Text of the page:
Today is Little Pencil’s birthday. He is 9 and I think that there is nothing that 9 year old boys like more than their birthdays, so naturally today is a huge day for him. Huge. But for me, it is even bigger.
For him it is huge because he gets showered with gifts, he can eat cake for breakfast, lunch and dinner and he gets spoiled more than on any other day (believe me this takes super-human effort on my behalf – particularly hard to spoil the spoiled)
For me it is huge because my baby is 9. Nine. I can’t believe I made nine years of motherhood and some of the people that I knew before then still speak to me. Given that I have had MANY episodes of complete and utter meltdown since becoming a parent and I have gone from a reasonably rational corporate girl to a blithering wreck of a neurotic mother, this comes as something of a surprise to me.
Nine years ago today I began my mothering journey as a petrified mess. Little has changed. Nine years ago I had reason to be afraid. I was the size of a baobab tree, filled with water and dangerously high protein levels. My baby was being delivered by emergency caesarean ten weeks early and in, what would become my typical neurotic fashion, I thought we were both going to die.
I often still think I am going to die. But, as my baby has grown into a boy these feelings of impending death have changed.
When I did not sleep for a year after Little Pencil’s birth, I thought I was going to die. I was not being dramatic or anything, it was just that I thought it was humanly impossible to carry on living if you didn’t sleep at all. I was happy to prove that this theory is indeed wrong. I did not sleep but I lived. Grumpily, but I lived
When Little Pencil had various illnesses and even surgeries I thought I was going to die. From holding my breath and wishing so hard that it wasn’t happening. There can be fewer worse feelings in the world than watching your child go under anaesthetic . Or watching your child have a lumbar puncture, or blood tests or, a barium swallow or even just seeing your child sick with a high temperature. And vomiting? When my child vomited I really wanted to die.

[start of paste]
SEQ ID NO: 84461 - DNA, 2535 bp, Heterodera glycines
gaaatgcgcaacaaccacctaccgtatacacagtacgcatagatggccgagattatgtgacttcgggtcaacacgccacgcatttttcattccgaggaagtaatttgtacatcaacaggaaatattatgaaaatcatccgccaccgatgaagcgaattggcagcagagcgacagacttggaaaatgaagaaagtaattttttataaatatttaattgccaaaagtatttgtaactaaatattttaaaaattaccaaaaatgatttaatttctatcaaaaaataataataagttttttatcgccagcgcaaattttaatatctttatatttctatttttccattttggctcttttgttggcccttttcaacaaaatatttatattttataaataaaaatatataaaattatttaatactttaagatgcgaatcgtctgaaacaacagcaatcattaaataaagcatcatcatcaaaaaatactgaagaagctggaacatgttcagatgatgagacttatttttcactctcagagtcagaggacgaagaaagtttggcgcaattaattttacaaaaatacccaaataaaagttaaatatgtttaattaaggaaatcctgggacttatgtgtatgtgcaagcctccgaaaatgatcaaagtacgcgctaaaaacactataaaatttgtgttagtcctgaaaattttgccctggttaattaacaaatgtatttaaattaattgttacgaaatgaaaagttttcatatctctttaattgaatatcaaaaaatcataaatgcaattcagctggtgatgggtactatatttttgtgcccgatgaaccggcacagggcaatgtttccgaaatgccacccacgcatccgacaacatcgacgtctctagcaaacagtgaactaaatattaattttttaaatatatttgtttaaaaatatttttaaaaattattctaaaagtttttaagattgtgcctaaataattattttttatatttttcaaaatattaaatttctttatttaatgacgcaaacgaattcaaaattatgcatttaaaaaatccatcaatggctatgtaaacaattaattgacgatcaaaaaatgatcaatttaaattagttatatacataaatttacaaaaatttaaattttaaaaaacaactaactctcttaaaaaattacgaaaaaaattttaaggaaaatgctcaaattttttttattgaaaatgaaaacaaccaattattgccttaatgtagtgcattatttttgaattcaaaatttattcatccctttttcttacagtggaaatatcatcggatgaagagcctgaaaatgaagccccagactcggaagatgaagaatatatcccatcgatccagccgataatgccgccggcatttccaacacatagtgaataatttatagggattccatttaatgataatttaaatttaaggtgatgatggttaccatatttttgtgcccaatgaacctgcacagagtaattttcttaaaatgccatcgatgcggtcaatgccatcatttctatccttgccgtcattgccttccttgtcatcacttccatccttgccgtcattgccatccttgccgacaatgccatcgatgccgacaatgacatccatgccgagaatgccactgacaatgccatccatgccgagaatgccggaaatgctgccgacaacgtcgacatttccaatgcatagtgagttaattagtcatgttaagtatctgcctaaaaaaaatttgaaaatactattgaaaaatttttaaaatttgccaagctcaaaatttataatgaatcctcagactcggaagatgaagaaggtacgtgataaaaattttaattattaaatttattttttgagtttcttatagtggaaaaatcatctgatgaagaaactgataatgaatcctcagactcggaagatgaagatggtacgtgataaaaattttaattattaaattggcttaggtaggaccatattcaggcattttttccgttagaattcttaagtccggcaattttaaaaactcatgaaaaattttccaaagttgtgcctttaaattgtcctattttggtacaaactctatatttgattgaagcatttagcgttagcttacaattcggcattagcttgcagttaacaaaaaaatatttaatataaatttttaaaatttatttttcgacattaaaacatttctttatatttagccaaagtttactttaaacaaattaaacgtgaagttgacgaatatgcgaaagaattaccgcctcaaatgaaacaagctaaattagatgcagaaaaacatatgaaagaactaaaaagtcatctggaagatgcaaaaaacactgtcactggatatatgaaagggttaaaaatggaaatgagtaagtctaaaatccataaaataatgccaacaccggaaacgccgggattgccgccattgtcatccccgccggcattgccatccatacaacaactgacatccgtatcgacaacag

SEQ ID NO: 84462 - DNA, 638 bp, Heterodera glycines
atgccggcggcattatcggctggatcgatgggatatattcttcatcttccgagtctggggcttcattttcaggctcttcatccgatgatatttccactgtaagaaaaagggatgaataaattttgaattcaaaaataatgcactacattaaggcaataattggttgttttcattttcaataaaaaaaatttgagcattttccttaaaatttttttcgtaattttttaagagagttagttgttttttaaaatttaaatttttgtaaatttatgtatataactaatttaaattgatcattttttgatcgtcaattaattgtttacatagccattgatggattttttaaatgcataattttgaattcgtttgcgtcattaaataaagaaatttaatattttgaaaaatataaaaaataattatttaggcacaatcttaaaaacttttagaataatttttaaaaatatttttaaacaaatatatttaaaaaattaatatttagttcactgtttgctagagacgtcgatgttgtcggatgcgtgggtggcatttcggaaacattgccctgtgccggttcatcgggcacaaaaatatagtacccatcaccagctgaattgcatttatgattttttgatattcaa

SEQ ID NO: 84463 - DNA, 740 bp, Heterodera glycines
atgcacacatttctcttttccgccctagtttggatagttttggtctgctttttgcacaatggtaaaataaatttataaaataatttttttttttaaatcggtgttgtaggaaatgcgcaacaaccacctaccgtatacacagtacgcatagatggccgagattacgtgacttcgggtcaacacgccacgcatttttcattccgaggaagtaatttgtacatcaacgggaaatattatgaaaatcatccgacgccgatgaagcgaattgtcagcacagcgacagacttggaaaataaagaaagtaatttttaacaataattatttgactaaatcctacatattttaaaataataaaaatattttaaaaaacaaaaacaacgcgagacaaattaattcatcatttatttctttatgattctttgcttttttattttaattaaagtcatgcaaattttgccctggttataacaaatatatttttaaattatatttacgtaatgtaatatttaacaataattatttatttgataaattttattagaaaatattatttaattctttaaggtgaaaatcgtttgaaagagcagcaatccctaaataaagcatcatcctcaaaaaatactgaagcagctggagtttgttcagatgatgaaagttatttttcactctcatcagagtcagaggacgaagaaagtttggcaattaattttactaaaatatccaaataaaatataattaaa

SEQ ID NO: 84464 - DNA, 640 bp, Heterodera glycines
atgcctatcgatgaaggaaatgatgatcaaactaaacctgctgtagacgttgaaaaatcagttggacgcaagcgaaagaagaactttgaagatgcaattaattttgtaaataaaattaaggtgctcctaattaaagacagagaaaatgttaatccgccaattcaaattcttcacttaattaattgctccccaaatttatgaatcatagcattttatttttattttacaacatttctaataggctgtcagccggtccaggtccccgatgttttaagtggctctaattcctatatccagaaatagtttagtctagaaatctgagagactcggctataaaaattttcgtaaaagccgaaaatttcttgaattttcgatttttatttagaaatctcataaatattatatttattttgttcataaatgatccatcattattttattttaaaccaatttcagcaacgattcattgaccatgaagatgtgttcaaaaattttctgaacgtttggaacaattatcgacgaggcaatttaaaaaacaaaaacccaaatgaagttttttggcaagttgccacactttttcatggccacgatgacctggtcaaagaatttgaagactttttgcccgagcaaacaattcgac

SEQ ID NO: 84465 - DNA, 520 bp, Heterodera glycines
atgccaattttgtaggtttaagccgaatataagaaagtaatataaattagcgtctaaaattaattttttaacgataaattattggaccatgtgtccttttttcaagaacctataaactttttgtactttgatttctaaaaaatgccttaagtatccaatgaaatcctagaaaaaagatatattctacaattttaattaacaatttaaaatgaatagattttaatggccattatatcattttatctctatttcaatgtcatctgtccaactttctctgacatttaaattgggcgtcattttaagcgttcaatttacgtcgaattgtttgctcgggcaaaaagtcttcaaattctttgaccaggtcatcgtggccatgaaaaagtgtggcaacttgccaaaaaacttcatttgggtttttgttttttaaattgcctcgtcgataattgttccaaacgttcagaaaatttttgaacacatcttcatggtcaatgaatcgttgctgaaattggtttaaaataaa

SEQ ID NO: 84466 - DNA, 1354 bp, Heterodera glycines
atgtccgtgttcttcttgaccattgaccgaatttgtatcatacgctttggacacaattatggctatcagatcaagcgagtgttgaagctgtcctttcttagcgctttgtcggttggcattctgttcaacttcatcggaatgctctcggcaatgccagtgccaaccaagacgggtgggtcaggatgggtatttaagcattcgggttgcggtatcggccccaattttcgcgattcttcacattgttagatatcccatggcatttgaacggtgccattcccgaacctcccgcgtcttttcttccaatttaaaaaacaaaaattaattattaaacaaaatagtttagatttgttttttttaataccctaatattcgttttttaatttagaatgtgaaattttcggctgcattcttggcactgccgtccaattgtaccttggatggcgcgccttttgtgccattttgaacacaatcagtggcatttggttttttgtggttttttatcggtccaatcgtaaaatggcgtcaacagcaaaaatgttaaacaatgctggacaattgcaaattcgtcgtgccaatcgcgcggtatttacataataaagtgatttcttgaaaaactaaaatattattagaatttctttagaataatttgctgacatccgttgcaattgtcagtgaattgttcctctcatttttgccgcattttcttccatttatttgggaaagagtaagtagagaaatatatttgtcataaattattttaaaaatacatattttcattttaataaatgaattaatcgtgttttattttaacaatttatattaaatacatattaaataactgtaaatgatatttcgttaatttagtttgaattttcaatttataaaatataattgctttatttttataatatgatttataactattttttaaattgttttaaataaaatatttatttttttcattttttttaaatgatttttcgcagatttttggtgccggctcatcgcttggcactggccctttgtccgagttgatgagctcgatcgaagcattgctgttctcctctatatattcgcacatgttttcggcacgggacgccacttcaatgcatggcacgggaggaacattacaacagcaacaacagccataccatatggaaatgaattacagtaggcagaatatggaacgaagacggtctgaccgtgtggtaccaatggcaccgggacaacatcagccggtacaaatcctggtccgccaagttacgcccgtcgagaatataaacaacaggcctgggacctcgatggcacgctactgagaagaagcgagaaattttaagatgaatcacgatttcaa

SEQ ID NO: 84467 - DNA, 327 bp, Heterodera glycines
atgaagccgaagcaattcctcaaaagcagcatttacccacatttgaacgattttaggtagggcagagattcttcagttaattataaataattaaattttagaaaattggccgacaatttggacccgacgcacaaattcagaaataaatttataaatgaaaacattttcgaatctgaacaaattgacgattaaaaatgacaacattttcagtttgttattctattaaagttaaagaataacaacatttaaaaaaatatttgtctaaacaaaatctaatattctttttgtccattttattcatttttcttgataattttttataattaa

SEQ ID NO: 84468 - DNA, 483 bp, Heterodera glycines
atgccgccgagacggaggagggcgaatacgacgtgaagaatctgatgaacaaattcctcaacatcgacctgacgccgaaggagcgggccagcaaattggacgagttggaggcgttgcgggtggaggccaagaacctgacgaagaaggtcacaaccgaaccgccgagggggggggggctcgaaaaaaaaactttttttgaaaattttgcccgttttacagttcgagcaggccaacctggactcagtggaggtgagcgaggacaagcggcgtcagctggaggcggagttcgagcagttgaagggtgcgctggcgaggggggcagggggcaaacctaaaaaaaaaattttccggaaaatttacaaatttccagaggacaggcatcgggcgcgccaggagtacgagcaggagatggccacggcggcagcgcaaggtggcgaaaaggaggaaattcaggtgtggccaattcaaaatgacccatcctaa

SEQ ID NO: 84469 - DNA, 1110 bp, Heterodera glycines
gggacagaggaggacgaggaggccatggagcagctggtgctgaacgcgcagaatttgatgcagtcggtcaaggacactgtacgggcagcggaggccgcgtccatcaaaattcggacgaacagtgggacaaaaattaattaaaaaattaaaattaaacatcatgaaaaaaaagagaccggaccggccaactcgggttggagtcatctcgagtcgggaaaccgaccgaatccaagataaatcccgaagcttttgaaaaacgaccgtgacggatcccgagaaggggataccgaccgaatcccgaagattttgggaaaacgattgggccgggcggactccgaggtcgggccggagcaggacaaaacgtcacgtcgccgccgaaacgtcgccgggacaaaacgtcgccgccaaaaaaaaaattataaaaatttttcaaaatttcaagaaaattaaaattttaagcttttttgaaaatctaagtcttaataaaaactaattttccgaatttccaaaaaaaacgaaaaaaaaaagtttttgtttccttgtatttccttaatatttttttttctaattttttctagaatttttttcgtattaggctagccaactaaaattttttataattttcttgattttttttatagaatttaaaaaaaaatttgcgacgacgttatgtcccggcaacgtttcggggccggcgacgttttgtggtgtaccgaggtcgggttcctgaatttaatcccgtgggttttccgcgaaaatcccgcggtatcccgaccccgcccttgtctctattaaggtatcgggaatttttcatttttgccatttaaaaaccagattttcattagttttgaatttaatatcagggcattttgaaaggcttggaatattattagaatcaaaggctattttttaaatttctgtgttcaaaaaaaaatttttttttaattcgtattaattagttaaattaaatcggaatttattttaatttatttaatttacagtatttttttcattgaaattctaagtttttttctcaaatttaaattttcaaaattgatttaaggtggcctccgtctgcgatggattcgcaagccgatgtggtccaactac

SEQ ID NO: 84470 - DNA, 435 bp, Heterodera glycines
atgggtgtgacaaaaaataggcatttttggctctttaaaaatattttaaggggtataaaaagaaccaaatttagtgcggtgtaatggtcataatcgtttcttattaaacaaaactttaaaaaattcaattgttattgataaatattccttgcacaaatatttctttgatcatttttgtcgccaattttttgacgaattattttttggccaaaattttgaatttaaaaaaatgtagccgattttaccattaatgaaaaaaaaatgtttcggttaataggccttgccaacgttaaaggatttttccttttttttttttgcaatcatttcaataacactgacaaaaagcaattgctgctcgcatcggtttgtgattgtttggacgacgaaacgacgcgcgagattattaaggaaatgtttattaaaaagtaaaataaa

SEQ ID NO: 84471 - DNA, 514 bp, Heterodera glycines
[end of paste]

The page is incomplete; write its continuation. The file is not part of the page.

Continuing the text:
When Little Pencil started child care at the age of three I thought I was going to die from heart break. I was am an over attached mother. Leaving Little Pencil in the care of other people for the first time was a horrendous experience. I can still picture his huge, brown eyes following me in amazement as I walked out the door. I can still recall that lump that grew in my throat as I struggled not to cry in front of him. I can still picture my friend’s shoulder as I sobbed onto it. I can still feel that tight hug we exchanged on my return to pick him up.
Now quite often I get the feeling that I am going to die. I watch my child and I see the gorgeous, confident, self assured and independent boy he is despite the over-loving neuroses of both his parents and I am filled with pride and love. Full to the point that I think I may explode.
There is no word for that feeling that fills your heart when you watch your child excel at something. My child excels at living and my heart is constantly filled.
So, it turns out that maybe those experiences did kill me because having a son like mine is like being in heaven.
You can read more about my baby’s journey on his very own blog at www.thesmallestpencil.blogspot.com